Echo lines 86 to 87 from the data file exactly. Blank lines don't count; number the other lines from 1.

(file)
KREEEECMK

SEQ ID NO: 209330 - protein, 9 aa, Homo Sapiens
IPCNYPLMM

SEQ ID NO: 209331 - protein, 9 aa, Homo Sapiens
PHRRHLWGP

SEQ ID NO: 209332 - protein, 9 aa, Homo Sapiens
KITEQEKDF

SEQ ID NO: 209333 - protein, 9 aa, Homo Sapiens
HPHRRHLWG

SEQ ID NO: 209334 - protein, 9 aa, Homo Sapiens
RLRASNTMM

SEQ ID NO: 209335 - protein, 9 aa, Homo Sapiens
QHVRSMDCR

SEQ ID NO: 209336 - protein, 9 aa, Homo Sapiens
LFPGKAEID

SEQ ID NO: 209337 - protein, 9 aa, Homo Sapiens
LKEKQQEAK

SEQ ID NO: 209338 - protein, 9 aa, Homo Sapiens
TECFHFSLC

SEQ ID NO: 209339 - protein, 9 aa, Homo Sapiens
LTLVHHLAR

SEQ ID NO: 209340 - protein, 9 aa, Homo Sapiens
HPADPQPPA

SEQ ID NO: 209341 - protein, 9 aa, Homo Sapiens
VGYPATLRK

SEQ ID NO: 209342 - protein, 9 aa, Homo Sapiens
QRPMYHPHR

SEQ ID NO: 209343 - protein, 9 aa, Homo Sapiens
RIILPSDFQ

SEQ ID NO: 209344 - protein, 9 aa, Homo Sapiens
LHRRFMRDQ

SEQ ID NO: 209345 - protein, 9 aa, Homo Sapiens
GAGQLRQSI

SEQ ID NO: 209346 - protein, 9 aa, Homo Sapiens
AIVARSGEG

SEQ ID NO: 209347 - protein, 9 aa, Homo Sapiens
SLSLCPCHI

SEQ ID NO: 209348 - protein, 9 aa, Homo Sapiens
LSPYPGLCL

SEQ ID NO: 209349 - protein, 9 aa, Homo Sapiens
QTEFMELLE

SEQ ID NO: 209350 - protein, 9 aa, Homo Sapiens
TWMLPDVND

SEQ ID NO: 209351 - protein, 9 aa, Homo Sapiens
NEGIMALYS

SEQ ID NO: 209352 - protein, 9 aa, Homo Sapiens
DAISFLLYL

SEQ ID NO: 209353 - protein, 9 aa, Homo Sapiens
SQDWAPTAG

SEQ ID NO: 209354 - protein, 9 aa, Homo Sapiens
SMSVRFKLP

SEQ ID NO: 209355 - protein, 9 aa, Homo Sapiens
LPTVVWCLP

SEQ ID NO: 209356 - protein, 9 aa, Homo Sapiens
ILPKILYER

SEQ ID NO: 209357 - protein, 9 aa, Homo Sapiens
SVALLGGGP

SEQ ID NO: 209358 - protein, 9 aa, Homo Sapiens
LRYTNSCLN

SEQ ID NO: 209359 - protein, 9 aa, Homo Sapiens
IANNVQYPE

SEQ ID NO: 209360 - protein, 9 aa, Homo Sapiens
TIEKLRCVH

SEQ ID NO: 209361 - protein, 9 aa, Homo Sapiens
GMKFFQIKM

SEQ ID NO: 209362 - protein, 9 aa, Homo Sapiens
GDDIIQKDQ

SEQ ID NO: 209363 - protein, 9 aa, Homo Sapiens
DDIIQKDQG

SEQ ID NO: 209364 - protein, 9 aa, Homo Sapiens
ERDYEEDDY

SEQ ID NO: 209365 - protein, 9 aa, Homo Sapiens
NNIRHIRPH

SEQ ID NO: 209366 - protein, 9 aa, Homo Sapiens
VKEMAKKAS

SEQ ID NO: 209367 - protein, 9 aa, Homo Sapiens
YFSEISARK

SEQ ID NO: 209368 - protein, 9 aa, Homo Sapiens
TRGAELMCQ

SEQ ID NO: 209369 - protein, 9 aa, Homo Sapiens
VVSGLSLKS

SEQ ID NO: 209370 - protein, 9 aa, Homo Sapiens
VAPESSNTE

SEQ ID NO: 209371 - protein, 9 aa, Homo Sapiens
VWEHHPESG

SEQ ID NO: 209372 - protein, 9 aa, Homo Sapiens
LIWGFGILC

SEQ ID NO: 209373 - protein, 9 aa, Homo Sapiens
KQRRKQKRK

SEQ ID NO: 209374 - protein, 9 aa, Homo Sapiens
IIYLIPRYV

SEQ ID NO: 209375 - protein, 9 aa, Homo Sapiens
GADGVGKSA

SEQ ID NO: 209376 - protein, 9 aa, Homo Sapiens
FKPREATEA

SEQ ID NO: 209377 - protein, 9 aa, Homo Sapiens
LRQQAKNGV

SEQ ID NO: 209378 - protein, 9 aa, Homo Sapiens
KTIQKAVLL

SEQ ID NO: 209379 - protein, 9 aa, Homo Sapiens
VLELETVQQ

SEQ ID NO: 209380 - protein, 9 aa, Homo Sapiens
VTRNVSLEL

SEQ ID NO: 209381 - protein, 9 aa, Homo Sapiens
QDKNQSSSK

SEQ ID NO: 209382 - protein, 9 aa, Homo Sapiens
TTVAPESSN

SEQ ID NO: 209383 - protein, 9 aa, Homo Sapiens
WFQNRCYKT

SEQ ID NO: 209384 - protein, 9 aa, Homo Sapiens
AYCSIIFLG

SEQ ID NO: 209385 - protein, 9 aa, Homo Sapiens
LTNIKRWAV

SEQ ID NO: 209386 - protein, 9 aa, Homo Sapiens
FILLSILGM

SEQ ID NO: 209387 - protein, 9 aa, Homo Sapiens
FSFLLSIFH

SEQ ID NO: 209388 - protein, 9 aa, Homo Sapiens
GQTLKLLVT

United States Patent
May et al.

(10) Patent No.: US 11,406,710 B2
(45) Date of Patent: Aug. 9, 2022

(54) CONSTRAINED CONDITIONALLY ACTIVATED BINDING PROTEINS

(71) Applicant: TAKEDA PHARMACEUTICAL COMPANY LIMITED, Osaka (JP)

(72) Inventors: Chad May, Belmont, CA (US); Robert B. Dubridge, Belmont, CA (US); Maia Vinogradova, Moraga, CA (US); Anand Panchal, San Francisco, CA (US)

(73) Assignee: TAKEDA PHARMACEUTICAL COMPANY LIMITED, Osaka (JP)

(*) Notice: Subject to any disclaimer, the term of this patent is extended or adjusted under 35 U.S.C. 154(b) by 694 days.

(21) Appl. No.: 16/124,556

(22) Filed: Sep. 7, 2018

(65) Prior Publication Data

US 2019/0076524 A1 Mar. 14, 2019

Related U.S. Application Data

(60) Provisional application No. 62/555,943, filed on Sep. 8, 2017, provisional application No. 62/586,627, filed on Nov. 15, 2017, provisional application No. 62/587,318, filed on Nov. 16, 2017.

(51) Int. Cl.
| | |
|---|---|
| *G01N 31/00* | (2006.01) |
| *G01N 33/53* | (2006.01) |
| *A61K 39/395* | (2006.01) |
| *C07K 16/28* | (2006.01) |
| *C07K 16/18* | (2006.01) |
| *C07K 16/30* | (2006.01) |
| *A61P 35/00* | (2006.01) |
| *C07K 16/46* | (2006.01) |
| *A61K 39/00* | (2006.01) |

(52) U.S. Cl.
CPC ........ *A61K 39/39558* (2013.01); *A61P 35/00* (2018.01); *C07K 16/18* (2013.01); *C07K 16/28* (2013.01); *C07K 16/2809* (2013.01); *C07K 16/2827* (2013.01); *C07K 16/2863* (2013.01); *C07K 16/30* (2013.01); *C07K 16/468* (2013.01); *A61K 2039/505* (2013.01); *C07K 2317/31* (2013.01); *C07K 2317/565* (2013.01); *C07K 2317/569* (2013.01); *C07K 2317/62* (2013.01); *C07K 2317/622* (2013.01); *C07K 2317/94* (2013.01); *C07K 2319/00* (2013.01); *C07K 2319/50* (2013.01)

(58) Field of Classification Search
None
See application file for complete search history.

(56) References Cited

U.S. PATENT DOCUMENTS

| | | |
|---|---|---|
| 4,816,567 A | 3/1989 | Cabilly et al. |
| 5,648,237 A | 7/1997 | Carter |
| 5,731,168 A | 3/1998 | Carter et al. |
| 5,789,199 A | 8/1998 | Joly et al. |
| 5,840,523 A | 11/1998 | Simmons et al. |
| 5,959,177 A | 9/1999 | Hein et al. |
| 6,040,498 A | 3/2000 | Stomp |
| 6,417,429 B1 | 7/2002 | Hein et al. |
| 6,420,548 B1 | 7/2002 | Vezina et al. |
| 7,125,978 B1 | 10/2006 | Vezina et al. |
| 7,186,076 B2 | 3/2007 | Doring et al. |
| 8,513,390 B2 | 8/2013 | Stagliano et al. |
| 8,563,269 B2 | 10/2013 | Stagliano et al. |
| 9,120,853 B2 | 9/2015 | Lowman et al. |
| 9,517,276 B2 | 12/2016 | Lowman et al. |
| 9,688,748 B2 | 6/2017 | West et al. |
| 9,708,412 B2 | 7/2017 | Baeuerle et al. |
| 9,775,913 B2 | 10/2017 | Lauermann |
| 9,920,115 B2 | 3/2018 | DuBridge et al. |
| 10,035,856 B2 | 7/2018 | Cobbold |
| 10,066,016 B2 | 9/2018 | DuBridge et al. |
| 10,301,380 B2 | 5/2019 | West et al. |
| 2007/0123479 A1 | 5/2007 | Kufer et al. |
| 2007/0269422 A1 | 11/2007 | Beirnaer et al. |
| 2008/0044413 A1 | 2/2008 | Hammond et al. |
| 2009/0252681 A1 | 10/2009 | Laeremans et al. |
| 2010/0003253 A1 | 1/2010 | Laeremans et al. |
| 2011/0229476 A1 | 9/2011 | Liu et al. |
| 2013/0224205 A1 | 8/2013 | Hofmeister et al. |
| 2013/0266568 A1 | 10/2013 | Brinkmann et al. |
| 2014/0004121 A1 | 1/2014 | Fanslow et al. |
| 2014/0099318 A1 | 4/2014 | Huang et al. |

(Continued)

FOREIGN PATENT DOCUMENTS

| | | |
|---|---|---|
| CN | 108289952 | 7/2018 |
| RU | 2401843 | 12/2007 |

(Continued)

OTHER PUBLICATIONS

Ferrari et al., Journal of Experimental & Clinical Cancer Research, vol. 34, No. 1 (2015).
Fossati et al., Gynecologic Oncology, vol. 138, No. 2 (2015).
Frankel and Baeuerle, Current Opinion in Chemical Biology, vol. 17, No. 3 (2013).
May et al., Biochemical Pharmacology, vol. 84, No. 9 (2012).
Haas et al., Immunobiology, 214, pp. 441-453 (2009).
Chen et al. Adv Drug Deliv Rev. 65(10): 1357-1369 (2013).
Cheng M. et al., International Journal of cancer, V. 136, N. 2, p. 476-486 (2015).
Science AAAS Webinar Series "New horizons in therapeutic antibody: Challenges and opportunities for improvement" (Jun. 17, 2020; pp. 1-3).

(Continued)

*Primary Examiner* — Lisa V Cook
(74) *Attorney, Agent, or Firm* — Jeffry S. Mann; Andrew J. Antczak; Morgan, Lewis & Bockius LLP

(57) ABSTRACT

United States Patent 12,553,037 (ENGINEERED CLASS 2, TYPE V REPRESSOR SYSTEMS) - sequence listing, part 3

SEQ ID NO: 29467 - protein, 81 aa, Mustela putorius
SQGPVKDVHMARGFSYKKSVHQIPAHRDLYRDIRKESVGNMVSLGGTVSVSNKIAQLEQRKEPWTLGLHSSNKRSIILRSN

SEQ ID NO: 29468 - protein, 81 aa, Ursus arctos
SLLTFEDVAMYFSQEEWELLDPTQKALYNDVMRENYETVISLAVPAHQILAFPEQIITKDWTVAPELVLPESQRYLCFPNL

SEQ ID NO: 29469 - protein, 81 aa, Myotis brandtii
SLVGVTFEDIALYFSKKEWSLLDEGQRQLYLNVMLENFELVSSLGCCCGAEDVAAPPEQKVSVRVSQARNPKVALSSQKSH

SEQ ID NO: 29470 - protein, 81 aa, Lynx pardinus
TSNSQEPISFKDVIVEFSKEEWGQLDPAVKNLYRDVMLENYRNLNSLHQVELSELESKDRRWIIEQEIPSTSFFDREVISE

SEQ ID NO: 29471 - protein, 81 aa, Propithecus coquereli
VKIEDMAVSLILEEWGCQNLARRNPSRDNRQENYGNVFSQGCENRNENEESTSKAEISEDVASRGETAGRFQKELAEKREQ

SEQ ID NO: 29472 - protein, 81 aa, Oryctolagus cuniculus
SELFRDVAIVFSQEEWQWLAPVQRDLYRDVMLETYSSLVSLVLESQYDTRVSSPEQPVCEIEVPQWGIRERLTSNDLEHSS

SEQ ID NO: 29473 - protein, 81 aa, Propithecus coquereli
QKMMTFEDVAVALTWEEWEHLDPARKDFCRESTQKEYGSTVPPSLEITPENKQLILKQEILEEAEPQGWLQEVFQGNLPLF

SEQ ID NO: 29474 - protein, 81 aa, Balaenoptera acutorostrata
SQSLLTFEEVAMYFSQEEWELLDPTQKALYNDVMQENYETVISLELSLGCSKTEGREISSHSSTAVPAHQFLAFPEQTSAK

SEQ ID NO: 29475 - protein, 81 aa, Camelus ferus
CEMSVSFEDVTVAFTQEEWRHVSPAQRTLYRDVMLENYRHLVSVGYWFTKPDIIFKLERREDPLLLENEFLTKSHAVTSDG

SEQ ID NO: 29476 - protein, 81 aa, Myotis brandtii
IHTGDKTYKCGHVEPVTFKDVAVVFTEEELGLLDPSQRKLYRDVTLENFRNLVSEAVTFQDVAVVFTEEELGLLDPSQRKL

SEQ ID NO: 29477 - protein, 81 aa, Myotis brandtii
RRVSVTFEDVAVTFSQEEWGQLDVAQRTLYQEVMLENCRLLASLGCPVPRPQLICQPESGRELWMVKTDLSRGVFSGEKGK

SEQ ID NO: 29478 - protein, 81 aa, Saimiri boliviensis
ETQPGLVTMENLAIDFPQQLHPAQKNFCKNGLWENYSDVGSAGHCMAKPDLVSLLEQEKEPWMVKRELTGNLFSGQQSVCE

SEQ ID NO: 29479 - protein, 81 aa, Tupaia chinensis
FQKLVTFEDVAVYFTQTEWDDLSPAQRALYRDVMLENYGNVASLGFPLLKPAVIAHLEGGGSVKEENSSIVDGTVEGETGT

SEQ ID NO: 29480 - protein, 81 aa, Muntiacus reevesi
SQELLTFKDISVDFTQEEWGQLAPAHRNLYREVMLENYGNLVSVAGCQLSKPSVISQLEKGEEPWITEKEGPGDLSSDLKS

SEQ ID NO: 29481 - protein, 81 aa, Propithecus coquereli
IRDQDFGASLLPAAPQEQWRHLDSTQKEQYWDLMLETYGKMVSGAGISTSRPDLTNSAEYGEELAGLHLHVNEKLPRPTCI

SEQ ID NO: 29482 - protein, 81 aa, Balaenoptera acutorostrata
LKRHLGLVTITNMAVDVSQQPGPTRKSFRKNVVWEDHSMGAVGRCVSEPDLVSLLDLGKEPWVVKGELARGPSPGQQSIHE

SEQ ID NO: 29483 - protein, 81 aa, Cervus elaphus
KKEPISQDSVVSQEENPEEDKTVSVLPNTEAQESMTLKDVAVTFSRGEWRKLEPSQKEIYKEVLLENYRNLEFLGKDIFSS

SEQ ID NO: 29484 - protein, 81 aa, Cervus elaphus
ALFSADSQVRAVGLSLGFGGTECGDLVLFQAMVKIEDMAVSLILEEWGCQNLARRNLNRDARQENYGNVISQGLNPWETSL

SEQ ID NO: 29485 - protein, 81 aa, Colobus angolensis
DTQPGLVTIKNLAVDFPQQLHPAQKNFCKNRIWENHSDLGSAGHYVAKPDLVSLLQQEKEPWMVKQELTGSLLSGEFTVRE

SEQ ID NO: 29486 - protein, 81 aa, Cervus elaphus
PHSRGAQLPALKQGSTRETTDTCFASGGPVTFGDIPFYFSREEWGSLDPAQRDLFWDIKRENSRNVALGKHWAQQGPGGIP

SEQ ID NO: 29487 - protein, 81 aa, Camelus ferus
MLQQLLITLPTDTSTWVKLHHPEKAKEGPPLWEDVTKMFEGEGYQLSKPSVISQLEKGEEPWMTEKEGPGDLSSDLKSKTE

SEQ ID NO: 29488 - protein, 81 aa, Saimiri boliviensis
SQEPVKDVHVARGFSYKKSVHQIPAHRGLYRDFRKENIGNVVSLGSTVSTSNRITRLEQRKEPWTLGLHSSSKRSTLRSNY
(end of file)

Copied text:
SEQ ID NO: 209372 - protein, 9 aa, Homo Sapiens
LIWGFGILC